Page:Oliver Twist (1838) vol. 1.djvu/94

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got even to ask after you," said Mr. Sowerberry, looking after the beadle as he strode down the street.

"Yes, sir," replied Oliver, who had carefully kept himself out of sight during the interview, and who was shaking from head to foot at the mere recollection of the sound of Mr. Bumble's voice. He needn't have taken the trouble to shrink from Mr. Bumble's glance, however; for that functionary, on whom the prediction of the gentleman in the white waistcoat had made a very strong impression, thought that now the undertaker had got Oliver upon trial, the subject was better avoided, until such time as he should be firmly bound for seven years, and all danger of his being returned upon the hands of the parish should be thus effectually and legally overcome.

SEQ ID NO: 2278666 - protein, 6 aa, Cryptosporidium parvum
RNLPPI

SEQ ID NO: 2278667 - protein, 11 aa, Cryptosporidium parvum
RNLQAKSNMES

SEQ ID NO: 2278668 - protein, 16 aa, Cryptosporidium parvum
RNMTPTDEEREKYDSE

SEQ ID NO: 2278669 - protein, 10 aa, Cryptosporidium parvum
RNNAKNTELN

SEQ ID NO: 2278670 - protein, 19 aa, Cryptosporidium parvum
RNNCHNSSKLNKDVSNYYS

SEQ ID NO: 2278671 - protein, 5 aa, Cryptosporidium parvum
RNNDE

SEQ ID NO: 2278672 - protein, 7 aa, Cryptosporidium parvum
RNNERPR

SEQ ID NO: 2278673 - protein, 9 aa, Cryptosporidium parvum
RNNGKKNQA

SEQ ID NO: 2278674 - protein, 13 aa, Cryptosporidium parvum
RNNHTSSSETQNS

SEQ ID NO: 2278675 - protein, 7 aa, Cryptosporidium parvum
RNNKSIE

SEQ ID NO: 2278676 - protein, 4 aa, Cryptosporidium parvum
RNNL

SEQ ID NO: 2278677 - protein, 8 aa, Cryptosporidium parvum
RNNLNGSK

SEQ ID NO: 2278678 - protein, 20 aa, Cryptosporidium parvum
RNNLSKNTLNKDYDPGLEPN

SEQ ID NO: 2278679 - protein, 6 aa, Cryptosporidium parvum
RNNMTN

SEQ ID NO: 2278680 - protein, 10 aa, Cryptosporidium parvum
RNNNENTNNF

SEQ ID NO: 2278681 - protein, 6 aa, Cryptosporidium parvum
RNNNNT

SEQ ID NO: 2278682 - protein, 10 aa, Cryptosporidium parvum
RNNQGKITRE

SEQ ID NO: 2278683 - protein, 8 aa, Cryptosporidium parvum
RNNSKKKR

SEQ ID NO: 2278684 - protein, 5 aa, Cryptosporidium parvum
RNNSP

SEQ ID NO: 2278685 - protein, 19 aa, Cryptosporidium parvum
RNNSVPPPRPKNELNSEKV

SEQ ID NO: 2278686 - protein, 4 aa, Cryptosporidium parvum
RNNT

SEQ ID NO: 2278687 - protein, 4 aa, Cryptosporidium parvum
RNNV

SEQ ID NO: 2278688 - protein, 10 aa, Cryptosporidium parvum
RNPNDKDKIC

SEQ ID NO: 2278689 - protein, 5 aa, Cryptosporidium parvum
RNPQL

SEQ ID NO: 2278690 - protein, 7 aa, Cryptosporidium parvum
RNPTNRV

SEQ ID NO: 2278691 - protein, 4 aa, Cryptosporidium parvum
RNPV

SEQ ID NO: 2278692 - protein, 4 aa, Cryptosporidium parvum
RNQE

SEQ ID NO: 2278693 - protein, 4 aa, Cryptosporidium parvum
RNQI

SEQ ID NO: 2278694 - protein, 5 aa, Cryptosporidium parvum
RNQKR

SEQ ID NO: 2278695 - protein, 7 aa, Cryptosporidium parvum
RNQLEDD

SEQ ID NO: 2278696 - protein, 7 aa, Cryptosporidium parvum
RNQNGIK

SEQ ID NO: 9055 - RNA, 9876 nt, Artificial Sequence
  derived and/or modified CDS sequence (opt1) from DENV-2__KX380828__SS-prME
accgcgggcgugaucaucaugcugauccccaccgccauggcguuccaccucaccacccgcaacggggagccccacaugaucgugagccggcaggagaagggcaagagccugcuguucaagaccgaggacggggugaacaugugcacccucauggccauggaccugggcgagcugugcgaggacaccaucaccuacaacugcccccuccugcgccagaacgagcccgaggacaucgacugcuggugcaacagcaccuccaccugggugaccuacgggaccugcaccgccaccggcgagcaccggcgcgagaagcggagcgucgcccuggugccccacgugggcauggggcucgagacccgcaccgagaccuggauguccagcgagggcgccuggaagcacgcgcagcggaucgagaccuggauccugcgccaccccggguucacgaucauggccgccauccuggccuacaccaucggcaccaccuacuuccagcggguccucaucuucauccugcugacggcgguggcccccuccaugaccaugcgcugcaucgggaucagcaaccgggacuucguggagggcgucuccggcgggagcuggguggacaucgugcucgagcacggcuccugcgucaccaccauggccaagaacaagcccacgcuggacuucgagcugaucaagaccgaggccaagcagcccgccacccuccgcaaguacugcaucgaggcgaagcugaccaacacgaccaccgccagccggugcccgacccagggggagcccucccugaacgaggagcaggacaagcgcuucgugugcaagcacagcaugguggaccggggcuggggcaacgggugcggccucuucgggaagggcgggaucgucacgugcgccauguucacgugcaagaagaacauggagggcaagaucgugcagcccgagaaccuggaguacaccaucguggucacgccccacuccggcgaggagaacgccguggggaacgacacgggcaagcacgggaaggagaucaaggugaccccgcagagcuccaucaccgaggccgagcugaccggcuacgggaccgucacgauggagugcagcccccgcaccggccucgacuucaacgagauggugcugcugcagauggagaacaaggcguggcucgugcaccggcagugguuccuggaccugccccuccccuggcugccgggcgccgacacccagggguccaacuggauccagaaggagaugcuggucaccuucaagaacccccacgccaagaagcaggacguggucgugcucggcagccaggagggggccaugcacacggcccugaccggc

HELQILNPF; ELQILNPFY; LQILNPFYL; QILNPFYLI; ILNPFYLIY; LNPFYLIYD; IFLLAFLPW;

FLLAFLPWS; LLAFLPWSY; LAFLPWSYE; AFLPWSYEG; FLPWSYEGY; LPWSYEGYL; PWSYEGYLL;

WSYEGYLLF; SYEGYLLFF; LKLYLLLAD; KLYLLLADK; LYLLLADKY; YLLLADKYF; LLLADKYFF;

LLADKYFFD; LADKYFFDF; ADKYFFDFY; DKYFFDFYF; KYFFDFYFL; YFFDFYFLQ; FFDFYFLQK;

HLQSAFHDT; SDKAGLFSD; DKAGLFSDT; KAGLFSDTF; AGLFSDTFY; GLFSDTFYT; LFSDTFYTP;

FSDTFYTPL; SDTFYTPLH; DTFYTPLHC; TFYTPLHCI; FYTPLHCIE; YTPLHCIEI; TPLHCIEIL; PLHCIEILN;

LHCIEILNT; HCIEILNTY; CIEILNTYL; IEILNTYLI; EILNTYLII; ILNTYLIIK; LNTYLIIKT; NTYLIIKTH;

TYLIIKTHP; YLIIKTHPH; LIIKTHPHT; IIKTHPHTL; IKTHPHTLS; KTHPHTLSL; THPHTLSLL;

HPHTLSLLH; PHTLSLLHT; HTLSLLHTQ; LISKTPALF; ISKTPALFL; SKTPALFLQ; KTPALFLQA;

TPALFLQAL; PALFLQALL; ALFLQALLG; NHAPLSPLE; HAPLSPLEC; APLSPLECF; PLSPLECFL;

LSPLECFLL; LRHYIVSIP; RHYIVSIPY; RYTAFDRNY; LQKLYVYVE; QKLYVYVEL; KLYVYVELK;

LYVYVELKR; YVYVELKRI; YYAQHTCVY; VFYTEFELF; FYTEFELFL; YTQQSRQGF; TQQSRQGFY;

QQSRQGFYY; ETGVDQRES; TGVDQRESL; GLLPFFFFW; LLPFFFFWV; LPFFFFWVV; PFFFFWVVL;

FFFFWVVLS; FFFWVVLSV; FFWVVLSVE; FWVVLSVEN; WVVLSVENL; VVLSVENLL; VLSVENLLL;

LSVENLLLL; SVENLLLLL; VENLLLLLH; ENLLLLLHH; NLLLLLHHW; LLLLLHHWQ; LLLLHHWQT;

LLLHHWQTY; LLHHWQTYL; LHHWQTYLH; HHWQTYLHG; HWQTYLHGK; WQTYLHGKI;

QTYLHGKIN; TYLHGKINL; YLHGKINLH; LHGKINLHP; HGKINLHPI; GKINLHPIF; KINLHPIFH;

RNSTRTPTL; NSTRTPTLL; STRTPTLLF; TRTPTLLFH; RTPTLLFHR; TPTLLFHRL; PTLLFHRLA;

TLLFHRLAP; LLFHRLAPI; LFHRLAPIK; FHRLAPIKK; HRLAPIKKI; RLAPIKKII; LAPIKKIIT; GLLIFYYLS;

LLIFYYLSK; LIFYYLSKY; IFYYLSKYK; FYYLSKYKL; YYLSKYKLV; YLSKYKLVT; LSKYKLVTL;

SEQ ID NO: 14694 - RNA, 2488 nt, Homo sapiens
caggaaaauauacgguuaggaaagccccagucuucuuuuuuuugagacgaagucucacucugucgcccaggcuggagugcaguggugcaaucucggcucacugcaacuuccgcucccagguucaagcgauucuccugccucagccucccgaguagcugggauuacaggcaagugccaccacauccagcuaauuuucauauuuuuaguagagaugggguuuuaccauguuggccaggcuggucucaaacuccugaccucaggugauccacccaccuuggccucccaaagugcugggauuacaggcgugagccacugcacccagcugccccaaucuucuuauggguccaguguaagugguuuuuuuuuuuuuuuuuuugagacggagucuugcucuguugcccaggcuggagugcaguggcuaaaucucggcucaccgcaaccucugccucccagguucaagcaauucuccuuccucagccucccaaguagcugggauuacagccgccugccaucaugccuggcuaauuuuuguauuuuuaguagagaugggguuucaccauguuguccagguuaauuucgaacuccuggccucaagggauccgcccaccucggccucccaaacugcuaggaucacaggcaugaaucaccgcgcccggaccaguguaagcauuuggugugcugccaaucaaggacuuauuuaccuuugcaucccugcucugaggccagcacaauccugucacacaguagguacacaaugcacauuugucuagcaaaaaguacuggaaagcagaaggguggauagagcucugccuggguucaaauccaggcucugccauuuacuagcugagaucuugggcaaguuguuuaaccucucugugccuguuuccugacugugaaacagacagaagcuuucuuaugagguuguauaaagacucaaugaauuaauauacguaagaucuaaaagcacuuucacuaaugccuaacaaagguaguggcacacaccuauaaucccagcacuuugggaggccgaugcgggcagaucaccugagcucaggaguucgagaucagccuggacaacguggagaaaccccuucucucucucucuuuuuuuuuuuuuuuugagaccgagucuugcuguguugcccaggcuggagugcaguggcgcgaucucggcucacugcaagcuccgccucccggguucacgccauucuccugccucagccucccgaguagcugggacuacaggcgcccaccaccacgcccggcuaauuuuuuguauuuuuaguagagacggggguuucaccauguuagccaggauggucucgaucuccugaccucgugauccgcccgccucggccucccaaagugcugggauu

"Well," said Mr. Sowerberry, taking up his hat, "the sooner this job is done the better. Noah, look after the shop. Oliver, put on your cap, and come with me." Oliver obeyed, and followed his master on his professional mission.

They walked on for some time through the